- Protein quantification
– TMT: Multiplexing using Tandem Mass Tags allows highly accurate quantification of up to 18 samples simultaneously in a multiplex analysis. The measurement principle is based on isobaric labeling reagents that provide a uniform signal of all samples at the peptide level, but allow quantification of individual samples after fragmentation. To increase the coverage of the proteome (more proteins identified and quantified) the sample can additionally be fractionated offline. From cell cultures, typically between 6,000 and 10,000 proteins can be quantified simultaneously using this method. For studies with more than 18 samples, multiple runs can be combined using internal pooled standards.
– SILAC: Metabolic labeling using stable isotopes allows labeling of proteins in vivo (e.g., through the cell culture medium) and then tracking the signals in mass spectrometry. The method is suitable for quantification of newly synthesized proteins (pulse chase) or assignment to different cells (source tracking).
– DIA: Data-independent Acquisition refers to a method for quantitative profiling of biological samples. In this method, a spectral library is usually created in advance through intensive characterization of the biological sample in focus. This library is then used to assign mass signals. This method combines the advantages of label-free quantification with the good coverage of the proteome and the low number of missing values, which can usually only be achieved with multiplex methods.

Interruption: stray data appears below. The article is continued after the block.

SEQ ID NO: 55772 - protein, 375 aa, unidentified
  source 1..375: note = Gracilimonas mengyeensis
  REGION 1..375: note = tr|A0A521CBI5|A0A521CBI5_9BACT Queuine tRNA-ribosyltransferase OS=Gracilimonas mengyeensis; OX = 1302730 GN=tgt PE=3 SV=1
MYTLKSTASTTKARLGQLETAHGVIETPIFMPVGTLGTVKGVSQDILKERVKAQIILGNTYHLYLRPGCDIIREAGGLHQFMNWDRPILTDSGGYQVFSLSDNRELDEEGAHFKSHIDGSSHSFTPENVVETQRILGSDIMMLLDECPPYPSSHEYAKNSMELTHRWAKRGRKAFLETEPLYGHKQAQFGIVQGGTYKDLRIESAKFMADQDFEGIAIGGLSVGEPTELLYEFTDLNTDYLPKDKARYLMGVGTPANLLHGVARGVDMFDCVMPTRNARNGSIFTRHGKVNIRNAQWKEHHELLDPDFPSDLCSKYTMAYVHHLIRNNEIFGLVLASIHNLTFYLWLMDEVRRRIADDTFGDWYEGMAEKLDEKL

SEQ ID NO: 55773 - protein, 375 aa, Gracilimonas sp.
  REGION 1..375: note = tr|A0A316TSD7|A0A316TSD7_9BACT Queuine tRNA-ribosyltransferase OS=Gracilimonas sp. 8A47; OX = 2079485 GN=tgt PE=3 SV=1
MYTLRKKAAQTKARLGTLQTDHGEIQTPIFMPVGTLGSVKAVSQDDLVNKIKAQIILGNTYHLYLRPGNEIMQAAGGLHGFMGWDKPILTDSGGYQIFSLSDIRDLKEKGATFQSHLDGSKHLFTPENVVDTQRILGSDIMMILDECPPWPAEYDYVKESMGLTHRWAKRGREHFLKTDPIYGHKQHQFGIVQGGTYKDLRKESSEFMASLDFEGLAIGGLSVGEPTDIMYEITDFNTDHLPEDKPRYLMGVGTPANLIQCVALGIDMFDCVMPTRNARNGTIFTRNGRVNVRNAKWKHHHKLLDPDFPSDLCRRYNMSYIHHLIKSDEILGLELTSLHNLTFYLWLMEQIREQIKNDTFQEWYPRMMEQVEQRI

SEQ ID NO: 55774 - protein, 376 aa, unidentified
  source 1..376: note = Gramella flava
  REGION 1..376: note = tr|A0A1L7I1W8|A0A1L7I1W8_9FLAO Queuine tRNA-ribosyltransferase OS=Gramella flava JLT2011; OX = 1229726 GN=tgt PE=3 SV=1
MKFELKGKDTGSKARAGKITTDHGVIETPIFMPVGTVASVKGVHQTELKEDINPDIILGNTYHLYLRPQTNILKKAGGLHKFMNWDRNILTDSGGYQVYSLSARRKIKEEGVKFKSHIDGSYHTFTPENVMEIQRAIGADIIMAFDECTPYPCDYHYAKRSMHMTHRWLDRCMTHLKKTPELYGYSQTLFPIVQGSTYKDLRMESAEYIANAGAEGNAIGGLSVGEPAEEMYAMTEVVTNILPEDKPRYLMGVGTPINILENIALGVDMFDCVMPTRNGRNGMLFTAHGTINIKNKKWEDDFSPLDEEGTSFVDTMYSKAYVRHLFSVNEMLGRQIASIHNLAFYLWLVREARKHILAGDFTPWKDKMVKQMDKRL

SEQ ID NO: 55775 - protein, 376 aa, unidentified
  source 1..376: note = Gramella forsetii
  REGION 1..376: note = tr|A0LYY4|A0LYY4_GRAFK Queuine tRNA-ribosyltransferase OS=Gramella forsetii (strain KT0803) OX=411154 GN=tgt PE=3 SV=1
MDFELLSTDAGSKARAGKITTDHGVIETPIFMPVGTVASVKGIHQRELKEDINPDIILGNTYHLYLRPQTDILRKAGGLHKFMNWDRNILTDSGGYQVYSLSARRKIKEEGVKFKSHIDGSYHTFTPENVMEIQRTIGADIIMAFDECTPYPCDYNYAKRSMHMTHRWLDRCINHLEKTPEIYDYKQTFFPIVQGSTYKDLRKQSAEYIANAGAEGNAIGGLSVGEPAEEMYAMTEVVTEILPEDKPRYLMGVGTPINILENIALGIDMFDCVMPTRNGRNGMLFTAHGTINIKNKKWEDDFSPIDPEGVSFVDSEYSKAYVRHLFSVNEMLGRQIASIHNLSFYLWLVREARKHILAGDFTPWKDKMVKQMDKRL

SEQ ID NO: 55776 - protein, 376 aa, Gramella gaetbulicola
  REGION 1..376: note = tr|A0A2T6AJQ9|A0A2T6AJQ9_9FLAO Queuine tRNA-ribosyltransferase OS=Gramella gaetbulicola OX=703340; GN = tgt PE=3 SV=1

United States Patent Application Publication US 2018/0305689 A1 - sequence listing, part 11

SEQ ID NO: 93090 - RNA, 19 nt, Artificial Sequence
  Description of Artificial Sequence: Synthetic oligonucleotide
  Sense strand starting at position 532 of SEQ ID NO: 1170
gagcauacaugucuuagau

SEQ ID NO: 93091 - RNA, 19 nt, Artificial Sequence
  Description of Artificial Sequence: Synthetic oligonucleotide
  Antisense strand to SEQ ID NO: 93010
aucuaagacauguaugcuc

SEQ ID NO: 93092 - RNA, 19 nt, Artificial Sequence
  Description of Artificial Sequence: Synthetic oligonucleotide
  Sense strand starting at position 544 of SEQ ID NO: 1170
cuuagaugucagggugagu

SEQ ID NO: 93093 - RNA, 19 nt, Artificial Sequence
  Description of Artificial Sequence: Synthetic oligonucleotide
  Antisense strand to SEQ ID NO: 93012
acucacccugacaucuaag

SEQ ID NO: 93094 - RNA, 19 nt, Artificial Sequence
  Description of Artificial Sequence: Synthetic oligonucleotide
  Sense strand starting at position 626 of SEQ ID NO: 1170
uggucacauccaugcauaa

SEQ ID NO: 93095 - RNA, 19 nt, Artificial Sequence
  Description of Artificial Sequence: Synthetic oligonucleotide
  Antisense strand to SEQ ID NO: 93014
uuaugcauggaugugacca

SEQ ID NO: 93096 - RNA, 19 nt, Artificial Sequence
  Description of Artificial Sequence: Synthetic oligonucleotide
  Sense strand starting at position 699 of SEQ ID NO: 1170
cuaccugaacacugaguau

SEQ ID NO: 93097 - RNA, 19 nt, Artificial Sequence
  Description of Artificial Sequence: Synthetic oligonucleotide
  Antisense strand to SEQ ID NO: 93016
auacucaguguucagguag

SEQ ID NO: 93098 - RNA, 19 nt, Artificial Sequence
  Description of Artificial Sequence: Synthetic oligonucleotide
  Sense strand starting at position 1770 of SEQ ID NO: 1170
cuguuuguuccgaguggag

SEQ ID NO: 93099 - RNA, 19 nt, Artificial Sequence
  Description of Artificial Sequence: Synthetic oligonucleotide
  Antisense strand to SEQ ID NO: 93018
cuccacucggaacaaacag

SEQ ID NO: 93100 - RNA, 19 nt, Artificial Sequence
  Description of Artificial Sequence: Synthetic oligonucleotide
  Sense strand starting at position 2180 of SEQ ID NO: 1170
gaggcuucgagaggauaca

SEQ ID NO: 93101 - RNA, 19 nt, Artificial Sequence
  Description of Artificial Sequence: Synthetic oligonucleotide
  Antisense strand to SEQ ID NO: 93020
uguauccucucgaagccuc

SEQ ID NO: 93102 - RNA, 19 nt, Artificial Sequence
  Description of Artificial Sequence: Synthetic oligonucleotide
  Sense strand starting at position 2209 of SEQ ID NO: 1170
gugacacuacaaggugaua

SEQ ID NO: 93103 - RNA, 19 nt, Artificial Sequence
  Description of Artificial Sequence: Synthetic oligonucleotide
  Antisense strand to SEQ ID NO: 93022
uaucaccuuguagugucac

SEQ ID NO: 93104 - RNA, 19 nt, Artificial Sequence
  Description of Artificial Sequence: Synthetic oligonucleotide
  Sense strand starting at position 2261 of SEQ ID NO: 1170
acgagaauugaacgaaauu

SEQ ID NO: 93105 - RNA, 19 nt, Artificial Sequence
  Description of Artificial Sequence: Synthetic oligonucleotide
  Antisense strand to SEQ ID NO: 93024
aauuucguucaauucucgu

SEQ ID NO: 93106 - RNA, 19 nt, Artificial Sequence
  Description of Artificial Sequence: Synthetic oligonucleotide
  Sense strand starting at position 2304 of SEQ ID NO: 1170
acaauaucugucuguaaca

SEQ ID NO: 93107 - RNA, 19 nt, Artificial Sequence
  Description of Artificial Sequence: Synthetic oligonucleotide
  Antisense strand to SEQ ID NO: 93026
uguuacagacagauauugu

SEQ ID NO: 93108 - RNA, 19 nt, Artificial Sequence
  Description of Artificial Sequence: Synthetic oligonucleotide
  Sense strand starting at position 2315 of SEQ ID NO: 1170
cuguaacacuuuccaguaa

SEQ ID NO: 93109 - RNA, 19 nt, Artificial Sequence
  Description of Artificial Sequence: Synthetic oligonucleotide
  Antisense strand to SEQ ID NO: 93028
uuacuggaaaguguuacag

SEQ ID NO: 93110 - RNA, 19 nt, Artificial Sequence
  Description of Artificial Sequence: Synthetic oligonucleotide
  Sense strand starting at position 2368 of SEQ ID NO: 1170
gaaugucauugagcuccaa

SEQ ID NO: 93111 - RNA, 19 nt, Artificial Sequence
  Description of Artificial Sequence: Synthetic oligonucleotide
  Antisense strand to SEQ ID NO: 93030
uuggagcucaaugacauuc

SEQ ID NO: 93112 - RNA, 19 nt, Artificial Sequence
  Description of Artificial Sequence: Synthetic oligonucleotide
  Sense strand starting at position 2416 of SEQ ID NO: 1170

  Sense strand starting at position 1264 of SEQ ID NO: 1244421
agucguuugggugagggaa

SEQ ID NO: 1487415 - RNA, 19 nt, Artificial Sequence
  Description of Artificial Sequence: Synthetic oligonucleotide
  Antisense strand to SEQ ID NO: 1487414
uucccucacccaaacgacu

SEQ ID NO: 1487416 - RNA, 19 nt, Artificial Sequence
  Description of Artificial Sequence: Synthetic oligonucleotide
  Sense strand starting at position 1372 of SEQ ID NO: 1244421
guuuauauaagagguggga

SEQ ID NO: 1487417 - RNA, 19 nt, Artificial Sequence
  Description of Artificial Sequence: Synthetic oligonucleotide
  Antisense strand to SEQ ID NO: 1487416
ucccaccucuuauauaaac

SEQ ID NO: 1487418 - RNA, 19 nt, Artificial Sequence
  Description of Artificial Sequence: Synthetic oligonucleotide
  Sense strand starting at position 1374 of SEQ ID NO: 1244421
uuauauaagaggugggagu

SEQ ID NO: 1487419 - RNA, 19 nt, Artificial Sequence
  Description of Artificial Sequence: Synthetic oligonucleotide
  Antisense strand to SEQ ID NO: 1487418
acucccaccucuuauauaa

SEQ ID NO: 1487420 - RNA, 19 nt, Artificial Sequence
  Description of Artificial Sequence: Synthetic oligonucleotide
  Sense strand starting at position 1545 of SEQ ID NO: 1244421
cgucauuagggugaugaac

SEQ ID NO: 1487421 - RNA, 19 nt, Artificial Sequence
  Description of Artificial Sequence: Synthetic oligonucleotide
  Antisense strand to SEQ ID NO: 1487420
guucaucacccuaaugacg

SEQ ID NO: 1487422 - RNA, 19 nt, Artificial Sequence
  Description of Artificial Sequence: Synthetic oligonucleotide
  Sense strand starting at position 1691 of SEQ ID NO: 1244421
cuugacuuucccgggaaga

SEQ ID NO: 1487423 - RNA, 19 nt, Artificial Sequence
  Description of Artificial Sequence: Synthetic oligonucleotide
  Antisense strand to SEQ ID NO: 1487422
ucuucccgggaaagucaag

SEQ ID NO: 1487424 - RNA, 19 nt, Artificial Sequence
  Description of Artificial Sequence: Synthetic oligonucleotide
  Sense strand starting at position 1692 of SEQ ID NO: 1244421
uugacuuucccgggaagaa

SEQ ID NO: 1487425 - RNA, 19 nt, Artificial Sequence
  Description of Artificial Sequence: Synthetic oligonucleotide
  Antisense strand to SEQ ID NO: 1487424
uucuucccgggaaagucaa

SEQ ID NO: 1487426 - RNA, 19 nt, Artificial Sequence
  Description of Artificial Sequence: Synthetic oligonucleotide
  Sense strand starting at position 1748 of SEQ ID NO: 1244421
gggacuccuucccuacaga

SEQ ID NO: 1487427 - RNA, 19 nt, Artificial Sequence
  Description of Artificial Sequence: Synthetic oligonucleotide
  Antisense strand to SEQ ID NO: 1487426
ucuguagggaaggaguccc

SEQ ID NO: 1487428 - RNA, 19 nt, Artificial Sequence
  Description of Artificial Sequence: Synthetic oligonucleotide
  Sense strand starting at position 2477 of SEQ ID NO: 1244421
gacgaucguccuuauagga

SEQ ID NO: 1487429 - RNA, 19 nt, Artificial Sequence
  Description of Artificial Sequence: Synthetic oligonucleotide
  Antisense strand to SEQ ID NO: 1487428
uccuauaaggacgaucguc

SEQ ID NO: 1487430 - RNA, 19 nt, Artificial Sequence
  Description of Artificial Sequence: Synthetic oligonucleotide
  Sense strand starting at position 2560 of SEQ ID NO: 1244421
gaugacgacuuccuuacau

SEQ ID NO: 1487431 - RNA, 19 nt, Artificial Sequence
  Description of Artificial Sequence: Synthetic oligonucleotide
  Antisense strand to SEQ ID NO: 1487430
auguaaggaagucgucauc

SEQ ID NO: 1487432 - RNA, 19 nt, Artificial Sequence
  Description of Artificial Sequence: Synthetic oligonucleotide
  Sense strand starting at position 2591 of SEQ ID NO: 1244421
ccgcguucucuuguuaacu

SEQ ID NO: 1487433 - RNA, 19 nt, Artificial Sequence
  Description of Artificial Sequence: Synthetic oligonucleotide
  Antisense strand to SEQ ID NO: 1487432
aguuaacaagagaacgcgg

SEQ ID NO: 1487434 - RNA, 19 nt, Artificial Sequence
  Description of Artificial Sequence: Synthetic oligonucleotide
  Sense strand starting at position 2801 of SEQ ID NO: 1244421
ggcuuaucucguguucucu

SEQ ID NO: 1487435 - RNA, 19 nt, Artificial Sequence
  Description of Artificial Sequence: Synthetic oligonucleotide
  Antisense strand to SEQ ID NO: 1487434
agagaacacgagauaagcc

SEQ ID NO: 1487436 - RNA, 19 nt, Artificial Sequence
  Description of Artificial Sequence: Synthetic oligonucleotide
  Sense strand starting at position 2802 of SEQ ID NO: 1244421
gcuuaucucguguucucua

– LFQ: Label-free quantification is the standard mode of quantitative mass spectrometry. In LFQ, samples are measured separately in the so-called Data-Dependent Acquisition (DDA) mode and then the chromatograms and mass signals are compared. The challenge here is to obtain data profiles that are as complete as possible. This method does not require cost-intensive isotope-doped labeling reagents and offers high flexibility for studies with open sample numbers.
- Spatial and Single-Cell Proteomics
Recent developments in proteomics allow increasingly sensitive and accurate identification and quantification of mass signals. Using MALDI imaging, image data of the proteome can be generated on tissue sections. CyTOF technology enables targeted analysis of proteins using metal-labeled antibodies at the single cell level.
- Sample preparation and method development
Depending on the problem, the project effort ranges from the application of standard protocols to the adaptation of such protocols to the development of new methods. In most cases, enrichments/depletions or adaptations of enzymatic digestion conditions are necessary. The choice of a suitable lysis buffer is absolutely critical for the successful solubilization of the proteins in focus - if the proteins are not reliably brought into solution, detection is not possible. Sample preparation therefore represents a central component of proteomics projects.